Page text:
Now that many of us are working from home because of COVID19, the incidents of people reporting back pain seems to have risen. Others complain of pain in their hands, or neck or shoulders. Do you have back pain from sitting too long?
Why is that? Are we working longer? Are we under more stress? Are you, like me, working from a laptop at a kitchen table? Or sometimes sitting on your bed with your laptop?
I am sure most of us can not buy ergonomic furniture to improve our situation and therefore our posture. But we can practice some other activities that will help relieve some of the discomfort.
Some Recommendations for Relieving Back Pain
“What?”, you may say. But this is the first step to addressing the pain. Get up and take a short break. After all, you do that at work anyway, right? Walk around for a few minutes. Go outside and walk around the house. I’m not talking about a long break. Just a few minutes to clear your head, get some fresh air and rest your eyes.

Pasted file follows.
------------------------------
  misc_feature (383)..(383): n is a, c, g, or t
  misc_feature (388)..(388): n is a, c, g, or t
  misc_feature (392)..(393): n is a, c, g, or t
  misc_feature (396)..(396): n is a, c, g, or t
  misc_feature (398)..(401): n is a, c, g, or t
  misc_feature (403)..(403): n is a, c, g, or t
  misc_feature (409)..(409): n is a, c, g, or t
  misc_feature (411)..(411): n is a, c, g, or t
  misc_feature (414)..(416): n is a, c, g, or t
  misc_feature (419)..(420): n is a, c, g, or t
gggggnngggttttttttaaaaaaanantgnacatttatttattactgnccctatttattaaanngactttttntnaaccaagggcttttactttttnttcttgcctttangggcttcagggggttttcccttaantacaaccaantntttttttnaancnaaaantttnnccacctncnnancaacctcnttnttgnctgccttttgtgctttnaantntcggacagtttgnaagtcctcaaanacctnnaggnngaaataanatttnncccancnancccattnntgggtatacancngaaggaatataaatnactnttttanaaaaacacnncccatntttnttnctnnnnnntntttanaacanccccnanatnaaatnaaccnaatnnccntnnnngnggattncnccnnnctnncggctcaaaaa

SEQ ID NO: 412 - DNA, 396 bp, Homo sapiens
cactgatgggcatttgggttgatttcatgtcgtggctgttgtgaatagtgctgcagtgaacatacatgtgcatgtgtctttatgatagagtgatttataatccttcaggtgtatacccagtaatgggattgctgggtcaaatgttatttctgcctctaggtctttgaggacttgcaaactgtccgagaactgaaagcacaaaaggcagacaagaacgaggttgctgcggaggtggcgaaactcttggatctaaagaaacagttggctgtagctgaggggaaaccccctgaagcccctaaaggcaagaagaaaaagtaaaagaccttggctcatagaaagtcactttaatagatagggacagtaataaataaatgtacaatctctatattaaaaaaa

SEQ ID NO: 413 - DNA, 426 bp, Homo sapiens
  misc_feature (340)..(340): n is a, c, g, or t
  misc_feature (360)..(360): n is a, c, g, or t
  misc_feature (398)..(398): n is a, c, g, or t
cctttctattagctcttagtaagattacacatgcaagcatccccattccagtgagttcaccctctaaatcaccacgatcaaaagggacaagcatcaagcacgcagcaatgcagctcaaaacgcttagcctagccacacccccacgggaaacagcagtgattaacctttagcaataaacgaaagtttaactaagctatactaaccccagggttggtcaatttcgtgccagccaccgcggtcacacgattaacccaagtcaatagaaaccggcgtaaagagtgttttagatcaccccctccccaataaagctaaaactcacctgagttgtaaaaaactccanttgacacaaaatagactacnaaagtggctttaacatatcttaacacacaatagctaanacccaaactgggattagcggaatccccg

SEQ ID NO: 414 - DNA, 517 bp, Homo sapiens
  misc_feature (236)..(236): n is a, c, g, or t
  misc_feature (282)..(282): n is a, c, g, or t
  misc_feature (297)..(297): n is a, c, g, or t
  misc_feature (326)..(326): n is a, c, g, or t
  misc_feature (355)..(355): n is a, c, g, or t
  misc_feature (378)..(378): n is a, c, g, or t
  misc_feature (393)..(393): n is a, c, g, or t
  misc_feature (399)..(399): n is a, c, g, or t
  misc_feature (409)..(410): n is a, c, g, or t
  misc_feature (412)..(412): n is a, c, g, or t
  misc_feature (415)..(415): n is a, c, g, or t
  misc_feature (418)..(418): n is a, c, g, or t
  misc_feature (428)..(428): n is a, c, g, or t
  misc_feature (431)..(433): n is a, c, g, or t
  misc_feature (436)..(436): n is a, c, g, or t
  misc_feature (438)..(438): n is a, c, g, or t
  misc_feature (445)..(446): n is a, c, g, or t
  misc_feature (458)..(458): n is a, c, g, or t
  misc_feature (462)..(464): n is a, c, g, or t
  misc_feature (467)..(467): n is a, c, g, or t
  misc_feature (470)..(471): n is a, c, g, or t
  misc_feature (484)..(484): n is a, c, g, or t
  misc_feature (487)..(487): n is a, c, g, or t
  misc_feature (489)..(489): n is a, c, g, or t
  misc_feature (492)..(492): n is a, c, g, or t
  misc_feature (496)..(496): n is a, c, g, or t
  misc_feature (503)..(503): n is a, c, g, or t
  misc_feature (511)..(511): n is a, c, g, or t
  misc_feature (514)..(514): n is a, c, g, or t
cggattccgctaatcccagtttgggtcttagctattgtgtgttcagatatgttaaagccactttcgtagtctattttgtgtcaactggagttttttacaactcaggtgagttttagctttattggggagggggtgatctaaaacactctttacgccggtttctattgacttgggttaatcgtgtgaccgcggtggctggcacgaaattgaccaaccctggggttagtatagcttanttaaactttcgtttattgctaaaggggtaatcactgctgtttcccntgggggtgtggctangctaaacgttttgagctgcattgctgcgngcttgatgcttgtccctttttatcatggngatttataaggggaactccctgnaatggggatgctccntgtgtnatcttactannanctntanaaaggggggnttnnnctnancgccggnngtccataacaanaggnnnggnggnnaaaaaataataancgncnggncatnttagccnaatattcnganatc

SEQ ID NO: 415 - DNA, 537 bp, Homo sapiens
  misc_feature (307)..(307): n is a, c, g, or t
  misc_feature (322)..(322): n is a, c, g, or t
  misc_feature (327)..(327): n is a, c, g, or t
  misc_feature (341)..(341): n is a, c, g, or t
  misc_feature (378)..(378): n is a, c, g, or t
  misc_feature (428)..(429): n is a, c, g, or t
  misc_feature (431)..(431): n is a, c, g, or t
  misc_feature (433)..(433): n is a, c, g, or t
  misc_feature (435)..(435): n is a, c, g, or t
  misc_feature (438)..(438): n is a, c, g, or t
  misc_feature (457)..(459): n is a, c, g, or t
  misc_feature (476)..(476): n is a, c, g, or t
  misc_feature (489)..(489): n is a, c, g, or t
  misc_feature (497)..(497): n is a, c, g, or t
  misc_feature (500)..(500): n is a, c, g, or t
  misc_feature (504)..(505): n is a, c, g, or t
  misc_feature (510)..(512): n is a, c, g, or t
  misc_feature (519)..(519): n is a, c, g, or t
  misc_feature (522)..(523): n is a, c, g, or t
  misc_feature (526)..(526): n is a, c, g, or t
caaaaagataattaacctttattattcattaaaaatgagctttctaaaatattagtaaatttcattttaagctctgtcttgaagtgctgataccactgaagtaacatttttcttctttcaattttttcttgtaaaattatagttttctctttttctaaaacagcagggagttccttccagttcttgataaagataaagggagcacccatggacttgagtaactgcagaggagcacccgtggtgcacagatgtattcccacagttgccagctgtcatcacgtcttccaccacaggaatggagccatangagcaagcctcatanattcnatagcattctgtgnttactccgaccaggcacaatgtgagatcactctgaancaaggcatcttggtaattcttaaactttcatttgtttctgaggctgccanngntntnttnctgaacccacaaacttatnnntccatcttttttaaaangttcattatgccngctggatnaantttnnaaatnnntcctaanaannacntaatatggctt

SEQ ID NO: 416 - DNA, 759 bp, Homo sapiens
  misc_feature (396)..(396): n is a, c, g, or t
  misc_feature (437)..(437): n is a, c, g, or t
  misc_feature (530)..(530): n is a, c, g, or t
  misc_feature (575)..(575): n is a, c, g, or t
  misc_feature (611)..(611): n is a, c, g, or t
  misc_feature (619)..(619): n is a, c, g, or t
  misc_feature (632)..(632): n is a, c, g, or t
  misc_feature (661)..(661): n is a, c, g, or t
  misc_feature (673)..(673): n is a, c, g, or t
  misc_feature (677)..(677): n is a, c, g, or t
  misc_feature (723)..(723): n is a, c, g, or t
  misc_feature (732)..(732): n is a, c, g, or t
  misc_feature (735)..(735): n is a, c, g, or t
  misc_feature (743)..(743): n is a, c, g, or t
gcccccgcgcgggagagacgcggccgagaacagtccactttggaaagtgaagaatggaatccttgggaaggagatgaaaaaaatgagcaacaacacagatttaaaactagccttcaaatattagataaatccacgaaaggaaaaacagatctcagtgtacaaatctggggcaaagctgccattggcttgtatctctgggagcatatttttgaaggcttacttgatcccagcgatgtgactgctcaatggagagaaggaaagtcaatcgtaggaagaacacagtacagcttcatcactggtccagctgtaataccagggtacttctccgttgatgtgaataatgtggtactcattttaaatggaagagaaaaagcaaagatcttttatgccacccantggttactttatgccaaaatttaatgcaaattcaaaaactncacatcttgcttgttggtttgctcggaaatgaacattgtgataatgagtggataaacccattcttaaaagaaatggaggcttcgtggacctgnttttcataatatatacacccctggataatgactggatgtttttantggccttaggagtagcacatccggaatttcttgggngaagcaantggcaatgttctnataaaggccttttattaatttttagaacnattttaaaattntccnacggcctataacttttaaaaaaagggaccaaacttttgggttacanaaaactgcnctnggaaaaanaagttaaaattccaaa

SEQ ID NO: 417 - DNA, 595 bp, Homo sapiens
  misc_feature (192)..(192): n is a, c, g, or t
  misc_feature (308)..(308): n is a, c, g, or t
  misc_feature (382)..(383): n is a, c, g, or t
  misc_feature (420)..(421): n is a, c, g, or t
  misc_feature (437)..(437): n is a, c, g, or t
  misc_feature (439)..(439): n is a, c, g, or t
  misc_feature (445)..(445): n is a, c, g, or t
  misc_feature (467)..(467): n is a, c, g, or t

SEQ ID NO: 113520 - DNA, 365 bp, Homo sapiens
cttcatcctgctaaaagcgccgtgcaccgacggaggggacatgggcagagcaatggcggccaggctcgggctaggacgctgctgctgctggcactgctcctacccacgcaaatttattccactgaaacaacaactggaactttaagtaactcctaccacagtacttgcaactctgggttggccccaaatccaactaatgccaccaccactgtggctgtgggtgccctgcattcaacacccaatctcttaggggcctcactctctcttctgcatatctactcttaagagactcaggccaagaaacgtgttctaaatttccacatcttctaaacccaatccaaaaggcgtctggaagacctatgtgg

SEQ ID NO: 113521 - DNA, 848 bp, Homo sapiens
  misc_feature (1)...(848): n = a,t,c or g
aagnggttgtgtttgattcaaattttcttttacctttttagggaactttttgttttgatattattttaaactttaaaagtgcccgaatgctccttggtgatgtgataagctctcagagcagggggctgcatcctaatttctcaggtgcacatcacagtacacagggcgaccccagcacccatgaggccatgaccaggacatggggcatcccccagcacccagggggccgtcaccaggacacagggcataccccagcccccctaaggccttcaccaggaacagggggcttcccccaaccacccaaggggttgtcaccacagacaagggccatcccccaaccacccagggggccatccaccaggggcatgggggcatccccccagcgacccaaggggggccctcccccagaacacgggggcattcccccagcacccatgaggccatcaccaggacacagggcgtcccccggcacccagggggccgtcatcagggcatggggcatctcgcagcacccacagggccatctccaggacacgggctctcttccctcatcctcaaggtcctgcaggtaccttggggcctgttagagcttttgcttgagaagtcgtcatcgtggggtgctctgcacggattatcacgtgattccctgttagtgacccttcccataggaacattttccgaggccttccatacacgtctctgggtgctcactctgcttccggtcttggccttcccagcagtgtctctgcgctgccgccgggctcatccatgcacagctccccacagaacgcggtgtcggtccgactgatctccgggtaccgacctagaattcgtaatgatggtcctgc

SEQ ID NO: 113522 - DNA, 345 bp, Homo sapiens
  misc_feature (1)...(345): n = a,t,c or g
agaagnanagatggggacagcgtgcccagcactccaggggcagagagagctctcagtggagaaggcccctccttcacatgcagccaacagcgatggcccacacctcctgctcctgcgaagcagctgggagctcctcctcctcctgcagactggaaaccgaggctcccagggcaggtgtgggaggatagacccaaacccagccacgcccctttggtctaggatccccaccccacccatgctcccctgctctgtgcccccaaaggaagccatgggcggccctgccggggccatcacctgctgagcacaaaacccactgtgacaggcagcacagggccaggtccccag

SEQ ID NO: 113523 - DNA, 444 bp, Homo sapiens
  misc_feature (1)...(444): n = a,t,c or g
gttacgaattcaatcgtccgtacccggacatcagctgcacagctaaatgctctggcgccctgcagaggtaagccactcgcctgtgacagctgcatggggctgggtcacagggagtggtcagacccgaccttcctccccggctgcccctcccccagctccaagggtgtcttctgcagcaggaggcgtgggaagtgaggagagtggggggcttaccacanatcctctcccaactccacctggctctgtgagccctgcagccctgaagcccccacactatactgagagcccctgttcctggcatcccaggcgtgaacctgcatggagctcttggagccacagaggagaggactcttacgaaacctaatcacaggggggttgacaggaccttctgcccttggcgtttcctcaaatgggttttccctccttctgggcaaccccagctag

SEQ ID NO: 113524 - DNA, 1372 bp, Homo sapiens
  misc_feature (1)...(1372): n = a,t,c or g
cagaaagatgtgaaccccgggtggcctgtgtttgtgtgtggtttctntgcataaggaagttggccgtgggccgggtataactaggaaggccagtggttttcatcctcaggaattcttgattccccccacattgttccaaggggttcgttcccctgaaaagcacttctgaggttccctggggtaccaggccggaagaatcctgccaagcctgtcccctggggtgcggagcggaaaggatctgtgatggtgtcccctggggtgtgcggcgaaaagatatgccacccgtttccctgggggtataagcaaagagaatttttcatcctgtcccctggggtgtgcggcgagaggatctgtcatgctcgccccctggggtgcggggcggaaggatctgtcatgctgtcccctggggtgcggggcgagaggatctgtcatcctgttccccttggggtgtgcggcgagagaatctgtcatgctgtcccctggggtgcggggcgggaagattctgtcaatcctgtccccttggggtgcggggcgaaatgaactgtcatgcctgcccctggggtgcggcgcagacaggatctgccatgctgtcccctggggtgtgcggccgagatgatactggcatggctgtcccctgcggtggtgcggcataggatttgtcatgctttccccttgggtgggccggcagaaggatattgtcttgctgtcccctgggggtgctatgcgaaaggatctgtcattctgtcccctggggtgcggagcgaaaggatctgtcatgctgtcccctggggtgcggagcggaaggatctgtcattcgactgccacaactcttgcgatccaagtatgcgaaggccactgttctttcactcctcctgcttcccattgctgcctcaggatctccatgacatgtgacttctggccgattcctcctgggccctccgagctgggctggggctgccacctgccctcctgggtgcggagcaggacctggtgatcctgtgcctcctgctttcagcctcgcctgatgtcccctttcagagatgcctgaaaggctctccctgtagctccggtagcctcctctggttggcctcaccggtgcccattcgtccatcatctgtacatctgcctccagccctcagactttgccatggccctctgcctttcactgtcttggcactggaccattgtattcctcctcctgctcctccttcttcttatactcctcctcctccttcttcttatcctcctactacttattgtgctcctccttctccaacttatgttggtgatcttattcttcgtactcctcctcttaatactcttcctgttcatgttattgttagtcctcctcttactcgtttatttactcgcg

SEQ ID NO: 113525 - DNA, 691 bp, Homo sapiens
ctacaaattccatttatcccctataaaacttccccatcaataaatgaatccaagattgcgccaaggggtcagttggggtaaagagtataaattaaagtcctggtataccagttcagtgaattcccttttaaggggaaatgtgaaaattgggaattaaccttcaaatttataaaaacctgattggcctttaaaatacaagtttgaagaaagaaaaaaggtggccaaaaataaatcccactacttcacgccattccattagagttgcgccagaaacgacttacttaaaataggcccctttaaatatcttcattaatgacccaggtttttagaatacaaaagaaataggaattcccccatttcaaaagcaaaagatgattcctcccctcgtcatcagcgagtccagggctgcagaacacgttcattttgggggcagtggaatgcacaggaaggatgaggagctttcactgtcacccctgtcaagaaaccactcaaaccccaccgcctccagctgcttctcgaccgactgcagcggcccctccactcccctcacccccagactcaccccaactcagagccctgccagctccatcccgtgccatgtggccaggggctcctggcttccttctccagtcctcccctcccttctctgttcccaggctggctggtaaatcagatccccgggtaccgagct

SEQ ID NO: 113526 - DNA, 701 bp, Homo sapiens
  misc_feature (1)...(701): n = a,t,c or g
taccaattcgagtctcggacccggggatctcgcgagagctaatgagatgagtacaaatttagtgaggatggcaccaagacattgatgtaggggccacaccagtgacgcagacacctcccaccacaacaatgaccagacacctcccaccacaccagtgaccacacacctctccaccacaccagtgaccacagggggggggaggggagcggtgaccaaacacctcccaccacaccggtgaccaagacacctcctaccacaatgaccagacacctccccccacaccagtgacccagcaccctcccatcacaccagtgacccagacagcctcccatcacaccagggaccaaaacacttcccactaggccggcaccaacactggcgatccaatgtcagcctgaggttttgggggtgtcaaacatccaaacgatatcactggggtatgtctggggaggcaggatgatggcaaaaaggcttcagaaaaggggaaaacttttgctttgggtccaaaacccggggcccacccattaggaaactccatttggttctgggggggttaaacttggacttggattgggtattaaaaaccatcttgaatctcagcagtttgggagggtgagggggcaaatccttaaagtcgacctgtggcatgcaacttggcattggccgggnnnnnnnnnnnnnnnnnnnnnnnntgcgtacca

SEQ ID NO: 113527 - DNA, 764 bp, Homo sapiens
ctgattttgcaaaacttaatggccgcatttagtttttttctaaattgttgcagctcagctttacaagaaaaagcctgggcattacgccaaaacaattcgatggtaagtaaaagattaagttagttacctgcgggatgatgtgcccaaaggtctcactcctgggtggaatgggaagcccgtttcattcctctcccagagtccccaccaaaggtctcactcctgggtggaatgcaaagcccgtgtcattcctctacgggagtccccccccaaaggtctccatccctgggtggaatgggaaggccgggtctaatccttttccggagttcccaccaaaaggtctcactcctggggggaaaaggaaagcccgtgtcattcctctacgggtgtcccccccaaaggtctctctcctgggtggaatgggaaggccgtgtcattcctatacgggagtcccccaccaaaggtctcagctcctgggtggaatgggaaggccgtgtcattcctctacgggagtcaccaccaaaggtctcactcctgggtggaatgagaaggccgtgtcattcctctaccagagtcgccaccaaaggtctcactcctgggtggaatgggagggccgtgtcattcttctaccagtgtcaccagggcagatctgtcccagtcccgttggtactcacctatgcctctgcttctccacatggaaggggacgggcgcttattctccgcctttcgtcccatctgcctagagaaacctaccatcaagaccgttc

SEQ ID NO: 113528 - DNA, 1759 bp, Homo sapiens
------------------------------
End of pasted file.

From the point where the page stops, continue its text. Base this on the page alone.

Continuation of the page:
I now practice setting an alarm for ½ hour. I work hard for that time frame, then my alarm sounds and I get up and move. Adjust the times to your preference, but in any event MOVE! Trust me, you will work better and feel better.
A side benefit is tracking my work output. I now know how much time I am spending on a project and can plan better.
You knew I was going to say that, right? Our bodies were made to move, not sit. Most of us are sitting way too long. (I was a letter carrier for a few years. Kept in great shape! Letter carriers have one of the longest life spans. Tells you something, doesn’t it?)